Even before coming into its fourth season, The Big Bang Theory had really hit its stride, pulling in massive ratings and marvellous reviews consistently each week. However, this obviously wasn't enough for series creator and sitcom tycoon Chuck Lorre, as Season 4 changes up the formula with an altered equation and varied results.
|Should I be here?|
|Yes I should!|
My preconceptions, however, were misjudged, with Amy's character slowly beginning to grow on me episode by episode, as she broke more and more away from the "Sheldon with a Vagina" mould, carrying some more substantial plot lines on her own and mixing with the girls' crowd (Penny and Bernadette). And it is with this "Girls Crowd" that the second major change for the series comes in. As before the show has focused primarily on the boys and their misadventures in geeksville, this season we see the spotlight being shifted slightly to share the laughs with the female side of things.
Penny's Leonard issues are pondered upon, acting as the slow burner of the season arch, Bernadette deals with trying to get serious with Mummy's Boy Howard, while Raj's sister Priya turns up in the latter half of the season to mix things up with Leonard's love life. Luckily, Priya's character is meant to be disliked, at least that's the way I felt, as her stuck up approach to controlling our boy Leonard sends Penny and the newly formed Gals into a tension fuelled hate party against her - with some hilarious outcomes.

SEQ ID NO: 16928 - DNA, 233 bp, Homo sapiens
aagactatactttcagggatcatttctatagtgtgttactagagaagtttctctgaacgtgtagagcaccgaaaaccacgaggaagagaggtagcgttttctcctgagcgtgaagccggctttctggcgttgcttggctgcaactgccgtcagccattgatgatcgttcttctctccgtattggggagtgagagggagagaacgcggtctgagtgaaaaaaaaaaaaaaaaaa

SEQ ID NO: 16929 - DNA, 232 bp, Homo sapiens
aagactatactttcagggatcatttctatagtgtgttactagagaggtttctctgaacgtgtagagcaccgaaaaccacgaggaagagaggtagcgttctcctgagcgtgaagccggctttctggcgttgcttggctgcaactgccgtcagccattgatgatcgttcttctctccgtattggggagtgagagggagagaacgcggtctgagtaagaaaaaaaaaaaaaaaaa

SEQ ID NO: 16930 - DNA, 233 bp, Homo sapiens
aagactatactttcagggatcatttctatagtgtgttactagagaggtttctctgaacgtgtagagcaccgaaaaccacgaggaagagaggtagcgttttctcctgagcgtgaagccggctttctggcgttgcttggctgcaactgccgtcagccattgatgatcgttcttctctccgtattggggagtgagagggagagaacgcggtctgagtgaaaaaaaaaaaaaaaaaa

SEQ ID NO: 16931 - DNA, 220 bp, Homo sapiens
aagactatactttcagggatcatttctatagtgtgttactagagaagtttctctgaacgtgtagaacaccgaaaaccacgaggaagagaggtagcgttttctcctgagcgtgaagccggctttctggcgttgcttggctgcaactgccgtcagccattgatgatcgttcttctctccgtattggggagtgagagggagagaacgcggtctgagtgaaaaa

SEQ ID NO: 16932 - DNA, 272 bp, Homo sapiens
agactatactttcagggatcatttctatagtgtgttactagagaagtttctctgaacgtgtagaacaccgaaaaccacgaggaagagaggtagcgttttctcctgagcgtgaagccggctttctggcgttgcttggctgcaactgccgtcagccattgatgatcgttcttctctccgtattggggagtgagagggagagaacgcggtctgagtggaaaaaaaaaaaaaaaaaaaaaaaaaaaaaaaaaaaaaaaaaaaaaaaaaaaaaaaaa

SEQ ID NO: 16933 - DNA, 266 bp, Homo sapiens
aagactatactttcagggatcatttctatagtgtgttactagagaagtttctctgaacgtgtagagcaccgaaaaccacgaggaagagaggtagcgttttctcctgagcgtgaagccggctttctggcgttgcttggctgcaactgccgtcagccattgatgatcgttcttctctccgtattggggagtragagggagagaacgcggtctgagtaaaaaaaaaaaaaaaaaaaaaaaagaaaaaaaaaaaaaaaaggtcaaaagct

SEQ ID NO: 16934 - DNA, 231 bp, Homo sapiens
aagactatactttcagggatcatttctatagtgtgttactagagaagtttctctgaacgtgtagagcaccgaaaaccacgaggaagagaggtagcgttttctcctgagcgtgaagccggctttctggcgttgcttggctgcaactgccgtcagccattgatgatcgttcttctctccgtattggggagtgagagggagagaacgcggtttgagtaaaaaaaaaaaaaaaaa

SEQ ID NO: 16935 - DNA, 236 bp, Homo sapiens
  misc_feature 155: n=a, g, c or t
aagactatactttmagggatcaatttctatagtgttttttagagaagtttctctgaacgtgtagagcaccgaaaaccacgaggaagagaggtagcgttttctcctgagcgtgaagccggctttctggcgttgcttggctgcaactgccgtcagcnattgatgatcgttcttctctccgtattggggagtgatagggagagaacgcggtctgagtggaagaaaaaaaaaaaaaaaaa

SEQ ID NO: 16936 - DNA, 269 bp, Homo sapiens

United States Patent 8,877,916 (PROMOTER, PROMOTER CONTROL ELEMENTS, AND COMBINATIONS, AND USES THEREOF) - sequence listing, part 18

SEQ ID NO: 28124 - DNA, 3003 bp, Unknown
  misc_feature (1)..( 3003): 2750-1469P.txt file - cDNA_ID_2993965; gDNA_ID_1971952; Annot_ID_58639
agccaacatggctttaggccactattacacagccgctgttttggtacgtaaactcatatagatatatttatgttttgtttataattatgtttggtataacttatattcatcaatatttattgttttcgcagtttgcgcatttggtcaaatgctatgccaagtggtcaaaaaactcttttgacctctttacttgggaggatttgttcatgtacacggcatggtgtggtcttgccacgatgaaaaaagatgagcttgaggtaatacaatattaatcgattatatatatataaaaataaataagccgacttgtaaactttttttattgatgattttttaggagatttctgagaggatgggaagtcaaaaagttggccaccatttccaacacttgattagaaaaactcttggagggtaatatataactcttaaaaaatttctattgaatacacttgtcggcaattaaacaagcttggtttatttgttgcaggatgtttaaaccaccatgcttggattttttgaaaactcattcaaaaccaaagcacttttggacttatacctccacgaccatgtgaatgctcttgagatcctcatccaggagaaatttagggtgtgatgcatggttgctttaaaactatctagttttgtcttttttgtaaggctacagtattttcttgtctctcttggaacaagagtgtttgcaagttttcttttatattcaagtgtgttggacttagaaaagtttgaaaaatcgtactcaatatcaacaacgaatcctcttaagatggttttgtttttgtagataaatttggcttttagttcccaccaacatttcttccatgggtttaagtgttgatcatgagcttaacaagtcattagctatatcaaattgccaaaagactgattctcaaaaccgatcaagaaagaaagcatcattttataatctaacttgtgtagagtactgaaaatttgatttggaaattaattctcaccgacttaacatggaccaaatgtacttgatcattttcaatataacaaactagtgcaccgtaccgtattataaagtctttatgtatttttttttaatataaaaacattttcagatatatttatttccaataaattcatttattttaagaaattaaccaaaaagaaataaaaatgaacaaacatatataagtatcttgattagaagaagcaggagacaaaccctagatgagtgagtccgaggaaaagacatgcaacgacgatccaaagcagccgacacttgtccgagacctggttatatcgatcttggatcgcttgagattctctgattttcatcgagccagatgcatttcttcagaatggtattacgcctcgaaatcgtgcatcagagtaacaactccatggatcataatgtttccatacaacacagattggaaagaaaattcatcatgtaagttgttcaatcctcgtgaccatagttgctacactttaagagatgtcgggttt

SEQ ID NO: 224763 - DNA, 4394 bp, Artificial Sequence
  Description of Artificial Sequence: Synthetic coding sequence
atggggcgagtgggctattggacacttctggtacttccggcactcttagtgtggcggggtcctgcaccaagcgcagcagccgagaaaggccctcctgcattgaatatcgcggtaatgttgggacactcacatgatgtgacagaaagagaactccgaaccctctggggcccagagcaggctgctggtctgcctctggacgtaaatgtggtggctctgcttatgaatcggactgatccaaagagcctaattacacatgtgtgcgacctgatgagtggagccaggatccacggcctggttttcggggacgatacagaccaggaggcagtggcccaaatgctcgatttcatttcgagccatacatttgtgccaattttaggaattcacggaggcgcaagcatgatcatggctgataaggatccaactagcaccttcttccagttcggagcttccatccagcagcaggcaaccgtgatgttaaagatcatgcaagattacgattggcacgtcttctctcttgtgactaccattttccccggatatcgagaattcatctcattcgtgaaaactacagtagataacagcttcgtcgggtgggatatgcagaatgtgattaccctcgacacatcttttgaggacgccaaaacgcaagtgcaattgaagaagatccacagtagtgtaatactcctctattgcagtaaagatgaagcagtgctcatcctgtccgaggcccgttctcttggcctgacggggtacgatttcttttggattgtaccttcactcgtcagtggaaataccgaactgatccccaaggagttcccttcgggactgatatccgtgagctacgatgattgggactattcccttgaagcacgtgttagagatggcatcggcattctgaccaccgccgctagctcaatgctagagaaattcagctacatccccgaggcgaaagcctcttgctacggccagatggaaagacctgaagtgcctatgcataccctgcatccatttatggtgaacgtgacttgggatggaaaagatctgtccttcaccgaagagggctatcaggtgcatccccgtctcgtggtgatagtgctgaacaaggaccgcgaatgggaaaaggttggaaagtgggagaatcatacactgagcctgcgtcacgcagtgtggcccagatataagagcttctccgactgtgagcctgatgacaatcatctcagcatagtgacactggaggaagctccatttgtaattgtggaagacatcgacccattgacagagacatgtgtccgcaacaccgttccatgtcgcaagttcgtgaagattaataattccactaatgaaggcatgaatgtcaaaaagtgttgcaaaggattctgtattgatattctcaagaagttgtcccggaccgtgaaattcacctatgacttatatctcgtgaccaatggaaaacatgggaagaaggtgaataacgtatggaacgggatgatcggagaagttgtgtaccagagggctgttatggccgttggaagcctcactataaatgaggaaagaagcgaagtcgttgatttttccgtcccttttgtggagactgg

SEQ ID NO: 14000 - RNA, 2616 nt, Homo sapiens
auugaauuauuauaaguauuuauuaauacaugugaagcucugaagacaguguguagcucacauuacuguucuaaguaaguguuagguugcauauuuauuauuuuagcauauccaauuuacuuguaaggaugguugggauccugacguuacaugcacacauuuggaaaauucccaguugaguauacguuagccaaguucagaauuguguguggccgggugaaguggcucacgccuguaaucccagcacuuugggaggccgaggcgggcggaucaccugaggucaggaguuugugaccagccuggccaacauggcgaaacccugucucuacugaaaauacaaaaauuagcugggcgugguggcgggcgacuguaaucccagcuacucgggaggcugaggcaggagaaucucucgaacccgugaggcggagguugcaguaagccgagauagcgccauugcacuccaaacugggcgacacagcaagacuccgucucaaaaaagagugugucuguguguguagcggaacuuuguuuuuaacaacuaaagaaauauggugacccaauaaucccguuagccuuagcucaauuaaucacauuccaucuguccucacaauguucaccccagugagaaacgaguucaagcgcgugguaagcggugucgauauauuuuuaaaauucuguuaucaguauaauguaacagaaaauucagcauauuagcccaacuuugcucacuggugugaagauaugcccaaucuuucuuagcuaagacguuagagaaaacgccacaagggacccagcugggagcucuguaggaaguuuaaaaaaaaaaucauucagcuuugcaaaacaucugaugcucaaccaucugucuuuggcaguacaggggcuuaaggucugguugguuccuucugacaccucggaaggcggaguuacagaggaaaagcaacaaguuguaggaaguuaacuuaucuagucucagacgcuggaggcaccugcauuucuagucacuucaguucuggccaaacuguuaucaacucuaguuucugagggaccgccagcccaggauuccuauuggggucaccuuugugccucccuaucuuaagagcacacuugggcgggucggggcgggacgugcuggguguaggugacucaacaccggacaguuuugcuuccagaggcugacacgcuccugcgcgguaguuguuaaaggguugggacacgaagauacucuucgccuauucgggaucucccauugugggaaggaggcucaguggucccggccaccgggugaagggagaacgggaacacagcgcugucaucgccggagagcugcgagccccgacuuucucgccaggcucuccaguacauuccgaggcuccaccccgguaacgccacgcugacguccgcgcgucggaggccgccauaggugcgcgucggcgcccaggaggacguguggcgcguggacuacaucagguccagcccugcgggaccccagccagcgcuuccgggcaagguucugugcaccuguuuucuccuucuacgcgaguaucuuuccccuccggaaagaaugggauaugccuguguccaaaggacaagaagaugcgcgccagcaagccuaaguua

|The Raj vs Howard battle surely is a season highlight|
Of course, the four guys, Sheldon, Leonard, Howard and Raj, are still the central theme of the show, and still go all out in the comedy field. The gang's Justice League team-up is unmissable, with a little help from Penny-Ex Zach (who really deserves more eps!), and their quest to retrieve Sheldon's stolen World of Warcraft account from a sleezeball hacker reminds us all of what the show is really about; honest, nerdy, laugh-filled fun. Plus, the Indiana Jones homage featuring Sheldon, Wil Wheaton and a heck load of angry fan boys is just pure hilarity-ensued awesome.
|Raj on the Rise|
Overall, the series starts to feel more cohesive and connected, with relationships playing a more vital role than ever before, and episodes linking into each other with a more structured season story arch. For the majority of the time, the show retains its smart and sassy humour that keeps the wit intelligible and the laughs worthwhile, such as it has been loved for thus far. For any misstep in this regard, my faith is restored by a magnitude of Sheldon quotes or Howard puns, Penny put-downs or ingeniously planted pop-cult references (everyone's favourite Gorn makes an appearance).
It may have changed, but it's still going strong.
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